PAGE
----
Other chains are acting too. McDonald’s Corp. has said it aims to cut restaurant and office emissions by 36% from 2015 levels through 2030. KFC and Taco Bell owner Yum! Brands Inc. is seeking a 10% average reduction per store by the end of 2025.
The fast-food chains start from a higher base. Each outlet was responsible for more than four times the level of carbon dioxide emissions as Starbucks stores in 2017, according to Bloomberg Intelligence. Cooking and selling a broader range of menu items, including carbon-intensive meat, makes cutting emissions tougher.
Starbucks has switched to wind power in some of its cafes, but meeting its carbon-reduction goals will require bigger changes. Johnson said he’ll push consumers to choose milk made from almond, coconuts, soy or oats, whose production is environmentally friendlier than dairy. In North America, 15% to 20% of Starbucks customers already choose such options.
“Alternative milks will be a big part of the solution,” Johnson said. “The consumer-demand curve is already shifting.”
The Seattle-based company is testing new drinks made with plant-based ingredients and seeking ways to make whipped cream without emitting nitrous oxide, a greenhouse gas. Starbucks also aims to lower the cost of dairy alternatives by helping suppliers boost output, he said.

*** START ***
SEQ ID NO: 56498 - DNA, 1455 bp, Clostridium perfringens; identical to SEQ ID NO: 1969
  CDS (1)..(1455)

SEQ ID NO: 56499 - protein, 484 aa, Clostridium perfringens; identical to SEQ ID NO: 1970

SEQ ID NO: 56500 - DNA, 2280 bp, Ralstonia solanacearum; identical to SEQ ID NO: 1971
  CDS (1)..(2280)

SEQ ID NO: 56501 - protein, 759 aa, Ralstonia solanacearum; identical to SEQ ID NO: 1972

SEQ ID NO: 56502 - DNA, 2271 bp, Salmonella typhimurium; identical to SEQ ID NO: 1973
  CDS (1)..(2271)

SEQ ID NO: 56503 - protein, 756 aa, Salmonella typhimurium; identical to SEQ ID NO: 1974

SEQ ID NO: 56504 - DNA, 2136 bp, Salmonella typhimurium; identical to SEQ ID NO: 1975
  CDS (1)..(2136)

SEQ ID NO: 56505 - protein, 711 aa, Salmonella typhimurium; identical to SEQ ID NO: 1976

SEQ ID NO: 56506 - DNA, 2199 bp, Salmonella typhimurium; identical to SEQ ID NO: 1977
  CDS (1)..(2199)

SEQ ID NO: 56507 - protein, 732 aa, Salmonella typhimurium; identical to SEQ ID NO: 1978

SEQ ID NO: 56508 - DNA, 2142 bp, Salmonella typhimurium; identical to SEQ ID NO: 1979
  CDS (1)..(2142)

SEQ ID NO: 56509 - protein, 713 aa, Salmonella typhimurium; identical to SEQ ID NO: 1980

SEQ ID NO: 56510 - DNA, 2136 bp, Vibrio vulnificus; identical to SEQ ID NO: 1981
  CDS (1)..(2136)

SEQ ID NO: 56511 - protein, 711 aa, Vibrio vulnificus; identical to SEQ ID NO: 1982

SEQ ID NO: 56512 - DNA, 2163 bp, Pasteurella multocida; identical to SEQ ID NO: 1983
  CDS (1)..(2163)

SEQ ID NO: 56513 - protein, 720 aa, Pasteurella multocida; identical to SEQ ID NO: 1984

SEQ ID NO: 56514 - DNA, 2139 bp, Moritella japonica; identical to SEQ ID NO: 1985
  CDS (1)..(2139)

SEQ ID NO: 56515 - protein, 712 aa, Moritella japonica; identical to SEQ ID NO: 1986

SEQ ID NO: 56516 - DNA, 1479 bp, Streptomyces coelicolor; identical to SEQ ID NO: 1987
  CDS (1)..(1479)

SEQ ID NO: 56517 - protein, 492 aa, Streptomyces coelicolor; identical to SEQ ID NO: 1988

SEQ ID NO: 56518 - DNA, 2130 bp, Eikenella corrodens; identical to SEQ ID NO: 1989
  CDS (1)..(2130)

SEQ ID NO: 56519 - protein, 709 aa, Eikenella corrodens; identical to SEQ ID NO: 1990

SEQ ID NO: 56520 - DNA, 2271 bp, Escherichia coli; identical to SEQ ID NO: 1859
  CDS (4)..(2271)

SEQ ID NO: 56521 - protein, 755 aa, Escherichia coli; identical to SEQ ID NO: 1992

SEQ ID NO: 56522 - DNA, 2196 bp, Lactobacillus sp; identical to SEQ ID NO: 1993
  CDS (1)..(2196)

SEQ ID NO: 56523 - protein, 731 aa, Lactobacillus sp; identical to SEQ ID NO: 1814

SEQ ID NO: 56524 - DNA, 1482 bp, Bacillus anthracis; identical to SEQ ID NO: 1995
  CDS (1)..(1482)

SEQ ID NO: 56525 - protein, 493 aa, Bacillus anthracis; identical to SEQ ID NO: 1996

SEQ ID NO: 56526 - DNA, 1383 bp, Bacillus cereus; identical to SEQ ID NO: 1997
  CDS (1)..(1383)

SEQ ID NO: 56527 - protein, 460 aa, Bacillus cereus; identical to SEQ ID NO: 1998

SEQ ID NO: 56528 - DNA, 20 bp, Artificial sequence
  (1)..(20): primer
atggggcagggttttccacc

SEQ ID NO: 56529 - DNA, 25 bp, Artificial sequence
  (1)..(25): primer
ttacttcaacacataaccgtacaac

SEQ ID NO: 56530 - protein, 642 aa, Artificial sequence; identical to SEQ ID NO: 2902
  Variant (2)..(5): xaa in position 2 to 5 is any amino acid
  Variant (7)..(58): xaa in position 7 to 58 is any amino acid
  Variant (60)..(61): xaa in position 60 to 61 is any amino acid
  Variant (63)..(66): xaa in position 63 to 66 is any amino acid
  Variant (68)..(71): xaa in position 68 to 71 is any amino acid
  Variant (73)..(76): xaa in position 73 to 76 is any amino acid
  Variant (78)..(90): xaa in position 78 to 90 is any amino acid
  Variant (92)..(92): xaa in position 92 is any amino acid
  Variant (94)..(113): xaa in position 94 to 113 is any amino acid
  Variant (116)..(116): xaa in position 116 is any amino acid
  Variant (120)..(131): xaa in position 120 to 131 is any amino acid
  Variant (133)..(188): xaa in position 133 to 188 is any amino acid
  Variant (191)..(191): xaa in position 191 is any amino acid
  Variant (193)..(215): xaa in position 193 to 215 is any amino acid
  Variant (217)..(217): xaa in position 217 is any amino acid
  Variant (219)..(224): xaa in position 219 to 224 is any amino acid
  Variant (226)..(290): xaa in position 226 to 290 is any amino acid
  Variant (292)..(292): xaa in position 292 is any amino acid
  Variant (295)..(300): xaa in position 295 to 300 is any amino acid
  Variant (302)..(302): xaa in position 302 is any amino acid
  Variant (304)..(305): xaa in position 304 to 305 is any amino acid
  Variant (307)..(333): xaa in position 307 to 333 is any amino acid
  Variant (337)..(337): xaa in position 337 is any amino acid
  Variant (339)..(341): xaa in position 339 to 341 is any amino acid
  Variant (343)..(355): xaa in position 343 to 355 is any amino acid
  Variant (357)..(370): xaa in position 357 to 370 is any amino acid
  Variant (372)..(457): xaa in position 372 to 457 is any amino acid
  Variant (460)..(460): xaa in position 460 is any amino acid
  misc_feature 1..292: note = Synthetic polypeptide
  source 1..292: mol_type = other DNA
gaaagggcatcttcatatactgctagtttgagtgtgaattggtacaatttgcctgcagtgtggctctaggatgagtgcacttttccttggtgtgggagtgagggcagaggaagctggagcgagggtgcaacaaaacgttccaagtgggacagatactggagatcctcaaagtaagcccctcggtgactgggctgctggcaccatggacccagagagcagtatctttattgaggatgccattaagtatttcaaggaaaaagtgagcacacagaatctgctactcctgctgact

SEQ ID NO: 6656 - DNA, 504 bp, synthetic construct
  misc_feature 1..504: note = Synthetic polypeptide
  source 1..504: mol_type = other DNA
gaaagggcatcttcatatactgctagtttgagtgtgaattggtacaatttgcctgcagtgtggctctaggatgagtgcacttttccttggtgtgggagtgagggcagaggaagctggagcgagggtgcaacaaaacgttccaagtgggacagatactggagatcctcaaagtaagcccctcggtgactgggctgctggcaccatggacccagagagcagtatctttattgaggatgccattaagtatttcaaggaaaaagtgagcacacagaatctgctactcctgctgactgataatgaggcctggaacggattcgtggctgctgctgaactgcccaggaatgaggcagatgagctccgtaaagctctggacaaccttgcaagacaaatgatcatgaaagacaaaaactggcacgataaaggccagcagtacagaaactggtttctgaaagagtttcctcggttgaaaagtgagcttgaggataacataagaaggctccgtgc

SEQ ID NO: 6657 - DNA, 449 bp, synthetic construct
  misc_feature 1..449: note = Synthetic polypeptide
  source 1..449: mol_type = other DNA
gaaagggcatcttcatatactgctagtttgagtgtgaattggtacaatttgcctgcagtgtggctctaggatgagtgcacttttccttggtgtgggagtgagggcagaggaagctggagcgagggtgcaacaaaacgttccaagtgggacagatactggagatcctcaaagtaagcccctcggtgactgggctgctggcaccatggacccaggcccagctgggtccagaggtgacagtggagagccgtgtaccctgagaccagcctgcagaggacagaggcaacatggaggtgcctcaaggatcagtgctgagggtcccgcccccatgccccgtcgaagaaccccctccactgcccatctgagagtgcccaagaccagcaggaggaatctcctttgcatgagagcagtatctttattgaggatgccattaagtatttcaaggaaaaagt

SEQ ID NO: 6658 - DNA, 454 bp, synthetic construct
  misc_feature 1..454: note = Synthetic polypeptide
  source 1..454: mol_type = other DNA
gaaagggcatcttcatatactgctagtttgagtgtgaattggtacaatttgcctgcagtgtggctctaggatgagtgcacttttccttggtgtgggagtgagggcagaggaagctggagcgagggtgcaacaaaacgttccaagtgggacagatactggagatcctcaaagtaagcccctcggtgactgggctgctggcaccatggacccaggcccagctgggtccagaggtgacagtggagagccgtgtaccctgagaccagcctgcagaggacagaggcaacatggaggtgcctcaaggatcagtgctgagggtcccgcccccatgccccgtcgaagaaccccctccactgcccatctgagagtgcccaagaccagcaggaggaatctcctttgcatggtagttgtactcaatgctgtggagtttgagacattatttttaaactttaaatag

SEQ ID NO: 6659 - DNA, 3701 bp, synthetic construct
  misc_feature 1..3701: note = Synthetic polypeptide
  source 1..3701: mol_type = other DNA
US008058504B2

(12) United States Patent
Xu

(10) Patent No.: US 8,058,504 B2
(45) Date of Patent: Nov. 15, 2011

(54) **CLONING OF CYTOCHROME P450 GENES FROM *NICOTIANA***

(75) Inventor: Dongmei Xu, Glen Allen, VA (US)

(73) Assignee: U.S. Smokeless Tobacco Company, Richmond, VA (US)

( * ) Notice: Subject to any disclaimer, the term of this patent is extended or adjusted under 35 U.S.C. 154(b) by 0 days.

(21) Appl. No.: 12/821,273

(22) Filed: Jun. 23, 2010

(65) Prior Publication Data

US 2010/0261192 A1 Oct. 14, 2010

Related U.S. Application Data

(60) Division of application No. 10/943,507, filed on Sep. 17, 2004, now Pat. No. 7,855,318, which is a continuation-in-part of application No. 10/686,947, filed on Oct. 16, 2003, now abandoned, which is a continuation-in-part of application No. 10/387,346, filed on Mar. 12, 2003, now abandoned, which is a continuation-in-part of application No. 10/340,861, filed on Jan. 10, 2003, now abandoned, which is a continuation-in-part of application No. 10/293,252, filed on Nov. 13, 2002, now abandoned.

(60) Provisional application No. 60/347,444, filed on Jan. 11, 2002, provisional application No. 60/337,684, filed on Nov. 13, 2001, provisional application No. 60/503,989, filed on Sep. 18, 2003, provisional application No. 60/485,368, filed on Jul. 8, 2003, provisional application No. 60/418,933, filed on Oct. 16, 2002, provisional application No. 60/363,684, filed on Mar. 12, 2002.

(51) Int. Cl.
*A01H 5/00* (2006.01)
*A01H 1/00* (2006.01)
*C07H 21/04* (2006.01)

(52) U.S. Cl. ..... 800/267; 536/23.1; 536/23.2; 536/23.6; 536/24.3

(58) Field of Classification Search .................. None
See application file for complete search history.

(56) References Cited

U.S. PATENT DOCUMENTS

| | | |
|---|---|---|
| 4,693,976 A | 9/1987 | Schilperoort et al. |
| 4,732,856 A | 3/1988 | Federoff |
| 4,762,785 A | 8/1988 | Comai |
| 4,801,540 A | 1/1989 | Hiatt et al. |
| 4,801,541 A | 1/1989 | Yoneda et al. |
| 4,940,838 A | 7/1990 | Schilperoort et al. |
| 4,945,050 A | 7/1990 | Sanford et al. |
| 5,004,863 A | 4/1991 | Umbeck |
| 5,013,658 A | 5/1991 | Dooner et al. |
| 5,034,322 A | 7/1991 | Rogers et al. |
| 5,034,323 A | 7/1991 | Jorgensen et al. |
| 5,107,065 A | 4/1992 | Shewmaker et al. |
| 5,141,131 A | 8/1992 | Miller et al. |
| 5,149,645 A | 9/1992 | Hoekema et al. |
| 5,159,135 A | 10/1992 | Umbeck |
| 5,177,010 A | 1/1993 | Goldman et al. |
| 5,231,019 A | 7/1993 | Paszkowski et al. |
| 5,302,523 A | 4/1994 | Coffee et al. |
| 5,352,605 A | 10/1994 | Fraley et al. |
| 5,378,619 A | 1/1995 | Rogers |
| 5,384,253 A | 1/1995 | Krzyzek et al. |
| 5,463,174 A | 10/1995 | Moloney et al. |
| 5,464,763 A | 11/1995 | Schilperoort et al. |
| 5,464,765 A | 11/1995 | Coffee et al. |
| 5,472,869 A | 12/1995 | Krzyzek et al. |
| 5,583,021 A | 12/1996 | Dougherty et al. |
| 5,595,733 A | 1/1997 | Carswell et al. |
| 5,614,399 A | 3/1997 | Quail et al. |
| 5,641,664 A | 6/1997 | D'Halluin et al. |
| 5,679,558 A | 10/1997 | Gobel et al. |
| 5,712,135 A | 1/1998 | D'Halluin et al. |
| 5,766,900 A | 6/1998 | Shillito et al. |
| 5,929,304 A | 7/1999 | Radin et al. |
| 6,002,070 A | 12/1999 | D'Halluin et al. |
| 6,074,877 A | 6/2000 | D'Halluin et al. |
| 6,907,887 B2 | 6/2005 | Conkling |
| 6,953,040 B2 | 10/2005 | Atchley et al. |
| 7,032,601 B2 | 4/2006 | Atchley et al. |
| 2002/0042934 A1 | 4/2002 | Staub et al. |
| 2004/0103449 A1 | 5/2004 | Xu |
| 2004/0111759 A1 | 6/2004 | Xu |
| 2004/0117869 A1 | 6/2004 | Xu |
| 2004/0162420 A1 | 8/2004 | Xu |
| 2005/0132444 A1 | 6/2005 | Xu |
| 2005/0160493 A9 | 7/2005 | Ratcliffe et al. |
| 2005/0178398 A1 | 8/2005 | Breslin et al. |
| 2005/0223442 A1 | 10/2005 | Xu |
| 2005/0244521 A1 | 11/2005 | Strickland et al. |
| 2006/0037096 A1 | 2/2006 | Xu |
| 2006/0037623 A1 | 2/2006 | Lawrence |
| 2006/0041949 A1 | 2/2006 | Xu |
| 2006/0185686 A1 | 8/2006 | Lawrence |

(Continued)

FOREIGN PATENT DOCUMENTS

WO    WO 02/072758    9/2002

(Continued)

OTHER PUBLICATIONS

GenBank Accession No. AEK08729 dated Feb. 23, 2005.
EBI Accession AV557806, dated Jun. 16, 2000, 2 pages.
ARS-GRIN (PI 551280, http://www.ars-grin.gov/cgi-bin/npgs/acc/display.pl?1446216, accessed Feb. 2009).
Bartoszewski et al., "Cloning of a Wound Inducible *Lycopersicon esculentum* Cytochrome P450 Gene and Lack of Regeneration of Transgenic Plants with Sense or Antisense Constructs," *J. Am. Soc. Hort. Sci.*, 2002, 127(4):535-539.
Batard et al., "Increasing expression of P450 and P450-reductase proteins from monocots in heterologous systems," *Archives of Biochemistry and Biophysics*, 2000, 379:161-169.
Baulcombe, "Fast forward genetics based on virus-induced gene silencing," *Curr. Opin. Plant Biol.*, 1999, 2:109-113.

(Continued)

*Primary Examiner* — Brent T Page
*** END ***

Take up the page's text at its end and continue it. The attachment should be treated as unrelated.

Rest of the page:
Tackling another form of pollution -- the food and drink containers that litter city streets, clog landfills and often end up in the world’s oceans -- has been equally challenging. Starbucks says it’s responsible for about 1% of the estimated 600 billion disposable cups used globally every year.
Around March of this year, the company plans to begin testing a paper cup it’s been developing with partners seeking a more widely recyclable and compostable hot-drink container. Existing ones generally contain a plastic layer that makes them difficult to process. Costa Coffee, a U.K.-based chain owned by Coca-Cola Co., two years ago announced plans to pay waste collectors a supplement to handle them, boosting its recycling efforts.
Starbucks previously reined back a goal set in 2008, which was to serve 25% of coffee in personal travel mugs. Only about 5% of U.K. customers use reusable containers even though the company offers a 25-pence (33-cent) discount for them, while charging a 5-pence fee for paper cups.
A smaller U.K. chain, Boston Tea Party Cafes, has eliminated single-use cups entirely, but that cost it 25% of takeaway coffee sales in the first year after the initiative went into effect.
Johnson said he’s counting on Generation Z to lead adoption of environmentally friendlier practices, saying this will make it financially rewarding for companies to respond. Starbucks will stick to its long-term target of double-digit growth in earnings per share despite the cost of its green goals, he said.
“It won’t be a linear journey,” Johnson said. “We’ll have positive steps and then we’ll try something else that works. There’s no silver bullet.”
--With assistance from Leslie Patton and Emily Chasan.